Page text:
I think I might be able to call myself a pigeon fancier, at least this pigeon.

I believe that there is some explanation on the fence in front of this piece, but it wasn’t there when I took these pictures, so I can’t tell you what it says.

Happy days.

2318. St Michael’s Hill (4)

Well, well, well this piece by John D’oh caused something of a stir locally, and I shall try and give a brief description of why. It first appeared down a little side lane off St Michael’s hill about three weeks ago. I had spotted it from a bus on my way to work and registered it as one to come back to to photograph. The first lesson here is always take pictures of street art when you see it, because if you wait it will be gone next time you pass by, and this is exactly what happened with this.

The following week I was on my way to five-a-side football and it was still there and I made a mental note of coming back ASAP to take some pictures. On my way home an hour and a half later it had been buffed with white paint.

At pretty much the same time, there was a story on the Bristol Live website that it might be a Banksy, and stories like this always cause a stir. The piece is actually a clever adaptation of a Banksy work painted in Los Angeles entitled ‘Playhouse foreclosure‘. The core elements are the same, but the builder is absent, and the little girl is standing on the other side of the playhouse facing the other way.

John D'oh, St Michael's Hill, Bristol, July 2019
John D’oh, St Michael’s Hill, Bristol, July 2019

The central point of the piece however was to enter into the realms of debate over the copyright of street art. It is critical of the stance taken by Banksy (and his lawyers) who recently won a case against a museum in Milan for selling Banksy Merchandise. Banksy has always had a pretty firm position of being against copyright and intellectual property rights, so this piece is simply highlighting the hypocrisy.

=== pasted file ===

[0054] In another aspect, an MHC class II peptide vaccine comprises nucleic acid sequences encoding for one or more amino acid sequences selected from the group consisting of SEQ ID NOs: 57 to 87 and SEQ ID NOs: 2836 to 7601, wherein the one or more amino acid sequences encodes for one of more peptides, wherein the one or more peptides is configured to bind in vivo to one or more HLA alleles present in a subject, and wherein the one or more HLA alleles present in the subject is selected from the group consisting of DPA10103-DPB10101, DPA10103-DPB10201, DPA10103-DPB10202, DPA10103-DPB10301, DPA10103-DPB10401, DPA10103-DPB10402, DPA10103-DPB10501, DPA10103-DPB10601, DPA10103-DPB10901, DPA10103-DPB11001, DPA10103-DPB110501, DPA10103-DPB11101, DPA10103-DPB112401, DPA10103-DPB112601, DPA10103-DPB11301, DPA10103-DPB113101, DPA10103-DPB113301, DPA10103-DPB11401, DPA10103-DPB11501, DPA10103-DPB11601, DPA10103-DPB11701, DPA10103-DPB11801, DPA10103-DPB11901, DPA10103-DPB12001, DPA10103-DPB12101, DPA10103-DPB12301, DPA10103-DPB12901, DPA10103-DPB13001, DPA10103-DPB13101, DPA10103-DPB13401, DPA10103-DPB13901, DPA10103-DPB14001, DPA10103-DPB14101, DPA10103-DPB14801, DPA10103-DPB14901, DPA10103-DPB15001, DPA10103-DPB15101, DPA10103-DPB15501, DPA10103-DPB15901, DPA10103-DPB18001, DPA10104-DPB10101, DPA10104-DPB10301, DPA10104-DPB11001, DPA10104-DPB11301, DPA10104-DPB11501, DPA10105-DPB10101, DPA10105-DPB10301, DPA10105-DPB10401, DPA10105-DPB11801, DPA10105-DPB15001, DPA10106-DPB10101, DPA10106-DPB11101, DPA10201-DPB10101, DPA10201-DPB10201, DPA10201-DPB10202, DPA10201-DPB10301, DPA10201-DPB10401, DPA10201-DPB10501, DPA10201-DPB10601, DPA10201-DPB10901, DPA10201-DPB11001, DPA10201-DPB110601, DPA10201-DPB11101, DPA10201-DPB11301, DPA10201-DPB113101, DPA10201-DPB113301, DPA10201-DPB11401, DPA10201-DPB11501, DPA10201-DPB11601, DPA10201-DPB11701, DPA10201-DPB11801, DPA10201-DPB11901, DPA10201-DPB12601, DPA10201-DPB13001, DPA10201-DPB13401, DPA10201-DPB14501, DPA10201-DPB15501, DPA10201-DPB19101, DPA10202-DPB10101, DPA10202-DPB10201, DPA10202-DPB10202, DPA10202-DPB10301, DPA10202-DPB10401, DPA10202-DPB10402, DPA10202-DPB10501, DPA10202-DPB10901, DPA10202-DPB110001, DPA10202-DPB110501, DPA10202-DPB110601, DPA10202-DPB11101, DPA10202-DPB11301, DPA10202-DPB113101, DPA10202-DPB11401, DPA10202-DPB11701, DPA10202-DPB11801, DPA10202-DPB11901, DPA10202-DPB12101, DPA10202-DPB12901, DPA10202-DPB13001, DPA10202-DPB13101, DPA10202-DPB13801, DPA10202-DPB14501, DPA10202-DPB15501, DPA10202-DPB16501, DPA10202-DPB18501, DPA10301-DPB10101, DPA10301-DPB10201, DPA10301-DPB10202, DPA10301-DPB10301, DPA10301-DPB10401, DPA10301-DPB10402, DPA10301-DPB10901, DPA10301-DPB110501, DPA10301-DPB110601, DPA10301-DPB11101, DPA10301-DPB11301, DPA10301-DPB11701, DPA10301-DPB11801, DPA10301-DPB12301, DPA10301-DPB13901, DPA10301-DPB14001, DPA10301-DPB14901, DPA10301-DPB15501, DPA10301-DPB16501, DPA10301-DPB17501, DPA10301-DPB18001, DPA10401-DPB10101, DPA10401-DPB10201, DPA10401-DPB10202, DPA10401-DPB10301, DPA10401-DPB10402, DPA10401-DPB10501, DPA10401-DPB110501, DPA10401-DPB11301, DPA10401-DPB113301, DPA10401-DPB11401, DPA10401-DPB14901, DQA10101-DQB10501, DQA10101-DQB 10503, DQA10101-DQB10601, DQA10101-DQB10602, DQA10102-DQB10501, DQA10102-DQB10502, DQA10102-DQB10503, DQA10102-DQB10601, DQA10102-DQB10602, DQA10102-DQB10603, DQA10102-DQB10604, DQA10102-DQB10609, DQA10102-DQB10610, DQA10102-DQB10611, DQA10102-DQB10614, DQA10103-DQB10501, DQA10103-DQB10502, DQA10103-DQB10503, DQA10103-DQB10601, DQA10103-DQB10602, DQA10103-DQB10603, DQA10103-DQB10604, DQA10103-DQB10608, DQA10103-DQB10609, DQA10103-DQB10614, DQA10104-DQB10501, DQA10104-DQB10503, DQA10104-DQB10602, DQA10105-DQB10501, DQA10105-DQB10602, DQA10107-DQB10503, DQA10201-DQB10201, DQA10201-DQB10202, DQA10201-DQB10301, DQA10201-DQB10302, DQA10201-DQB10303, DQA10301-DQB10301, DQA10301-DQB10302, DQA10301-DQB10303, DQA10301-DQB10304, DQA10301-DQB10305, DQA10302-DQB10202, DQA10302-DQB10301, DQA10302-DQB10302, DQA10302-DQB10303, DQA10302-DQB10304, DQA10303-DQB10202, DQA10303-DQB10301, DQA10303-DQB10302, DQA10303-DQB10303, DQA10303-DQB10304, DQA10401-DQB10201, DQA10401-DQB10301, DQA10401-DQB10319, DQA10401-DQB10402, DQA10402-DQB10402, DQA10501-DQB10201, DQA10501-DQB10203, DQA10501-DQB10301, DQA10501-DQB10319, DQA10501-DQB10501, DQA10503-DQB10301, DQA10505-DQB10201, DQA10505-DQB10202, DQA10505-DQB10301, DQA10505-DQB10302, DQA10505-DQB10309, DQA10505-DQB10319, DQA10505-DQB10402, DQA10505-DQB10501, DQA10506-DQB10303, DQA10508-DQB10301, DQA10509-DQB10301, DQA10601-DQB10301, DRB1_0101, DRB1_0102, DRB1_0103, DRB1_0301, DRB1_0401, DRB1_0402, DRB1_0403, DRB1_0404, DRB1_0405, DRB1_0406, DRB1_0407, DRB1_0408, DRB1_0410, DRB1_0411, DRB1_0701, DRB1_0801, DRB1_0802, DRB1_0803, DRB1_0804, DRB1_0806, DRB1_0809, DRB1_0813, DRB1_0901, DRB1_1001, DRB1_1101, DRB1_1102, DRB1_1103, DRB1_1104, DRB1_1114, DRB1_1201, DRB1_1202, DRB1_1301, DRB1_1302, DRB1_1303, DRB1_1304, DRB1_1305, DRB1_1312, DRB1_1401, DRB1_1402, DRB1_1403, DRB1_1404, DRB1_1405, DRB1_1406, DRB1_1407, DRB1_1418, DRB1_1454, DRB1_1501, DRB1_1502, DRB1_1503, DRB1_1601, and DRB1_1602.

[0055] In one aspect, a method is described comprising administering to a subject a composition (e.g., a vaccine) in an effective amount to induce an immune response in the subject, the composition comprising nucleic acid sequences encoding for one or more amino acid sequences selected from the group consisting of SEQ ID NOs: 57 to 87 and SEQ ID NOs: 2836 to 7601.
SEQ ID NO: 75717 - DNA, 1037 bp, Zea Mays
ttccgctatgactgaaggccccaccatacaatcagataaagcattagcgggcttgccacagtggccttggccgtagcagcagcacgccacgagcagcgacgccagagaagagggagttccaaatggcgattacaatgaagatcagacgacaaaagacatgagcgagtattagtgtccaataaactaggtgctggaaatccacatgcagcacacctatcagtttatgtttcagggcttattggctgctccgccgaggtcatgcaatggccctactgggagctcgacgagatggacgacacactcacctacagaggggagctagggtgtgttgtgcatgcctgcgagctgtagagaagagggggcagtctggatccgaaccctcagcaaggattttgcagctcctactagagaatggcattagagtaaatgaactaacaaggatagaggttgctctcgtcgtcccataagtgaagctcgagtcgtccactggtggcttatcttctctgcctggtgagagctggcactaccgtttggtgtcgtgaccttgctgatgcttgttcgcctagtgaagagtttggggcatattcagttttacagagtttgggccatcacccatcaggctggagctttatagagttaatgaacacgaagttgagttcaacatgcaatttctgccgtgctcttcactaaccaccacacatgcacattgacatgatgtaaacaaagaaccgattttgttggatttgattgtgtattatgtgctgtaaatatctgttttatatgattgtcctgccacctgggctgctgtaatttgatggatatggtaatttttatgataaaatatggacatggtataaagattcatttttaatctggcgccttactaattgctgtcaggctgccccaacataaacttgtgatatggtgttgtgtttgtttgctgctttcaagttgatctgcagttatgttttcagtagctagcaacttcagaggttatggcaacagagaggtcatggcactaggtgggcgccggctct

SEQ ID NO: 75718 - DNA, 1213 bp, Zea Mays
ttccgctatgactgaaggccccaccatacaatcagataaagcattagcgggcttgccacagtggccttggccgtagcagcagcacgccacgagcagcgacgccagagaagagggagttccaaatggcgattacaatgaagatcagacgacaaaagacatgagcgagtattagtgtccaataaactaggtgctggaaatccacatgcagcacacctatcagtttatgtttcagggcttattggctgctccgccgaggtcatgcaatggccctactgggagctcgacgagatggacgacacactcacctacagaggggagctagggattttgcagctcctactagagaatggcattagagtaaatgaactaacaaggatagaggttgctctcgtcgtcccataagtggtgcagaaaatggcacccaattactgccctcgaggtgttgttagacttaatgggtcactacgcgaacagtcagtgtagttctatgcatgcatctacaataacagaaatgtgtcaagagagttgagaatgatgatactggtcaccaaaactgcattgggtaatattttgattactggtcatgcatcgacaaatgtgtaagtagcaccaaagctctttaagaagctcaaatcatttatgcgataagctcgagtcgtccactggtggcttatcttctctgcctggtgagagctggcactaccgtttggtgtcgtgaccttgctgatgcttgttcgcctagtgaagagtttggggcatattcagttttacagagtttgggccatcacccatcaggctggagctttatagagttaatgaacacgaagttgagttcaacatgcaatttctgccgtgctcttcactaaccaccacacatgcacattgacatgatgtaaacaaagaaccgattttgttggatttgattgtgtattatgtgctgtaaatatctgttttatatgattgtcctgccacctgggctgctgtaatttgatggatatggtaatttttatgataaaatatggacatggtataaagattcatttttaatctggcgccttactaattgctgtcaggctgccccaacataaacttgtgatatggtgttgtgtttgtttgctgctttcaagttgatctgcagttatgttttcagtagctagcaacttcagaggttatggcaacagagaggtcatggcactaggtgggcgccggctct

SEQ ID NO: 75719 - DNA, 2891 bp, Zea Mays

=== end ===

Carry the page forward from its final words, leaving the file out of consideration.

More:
Having said that, this is a really difficult area for street artists and one that causes a lot of lively discussion. I know that John D’oh admires Banksy greatly, and has in the past used Banksy’s work and inspiration for his own work. In this instance I think he is being deliberately provocative to highlight this copyright/ideology minefield.

So how did I get my pictures? Well the great thing about stencils is that they can be used again and again, and within a couple of days, John D’oh had returned and repainted the piece (you can see the white paint that had been used to buff the original). Who buffed it in the first place and why, well we might never know, but all’s well that ends well.

 

 

Thursday doors – 2 May 2019

Doors 70. Some Bristol doors from the Kingsdown area – 2 April 2019

If you head towards town on the Cheltenham Road (A38), to your right is a hill which leads up to Kingsdown. These doors are on the sleepy and rather steep streets in that area that appear to have little traffic, making standing in the road taking pictures less hazardous than usual.

Taken a few weeks ago on a rather sunny morning. Enjoy.

Two reasonably ordinary garden gates and Banksy's Rose Trap behind perspex, Kingsdown, Bristol, March 2019
Two reasonably ordinary garden gates and Banksy’s Rose Trap behind perspex, Kingsdown, Bristol, March 2019

Door on a steep hill, Kingsdown, Bristol, March 2019
Door on a steep hill, Kingsdown, Bristol, March 2019

Another door on a steep hill, Kingsdown, Bristol, March 2019
Another door on a steep hill, Kingsdown, Bristol, March 2019

The Hillgrove, Kingsdown, Bristol, March 2019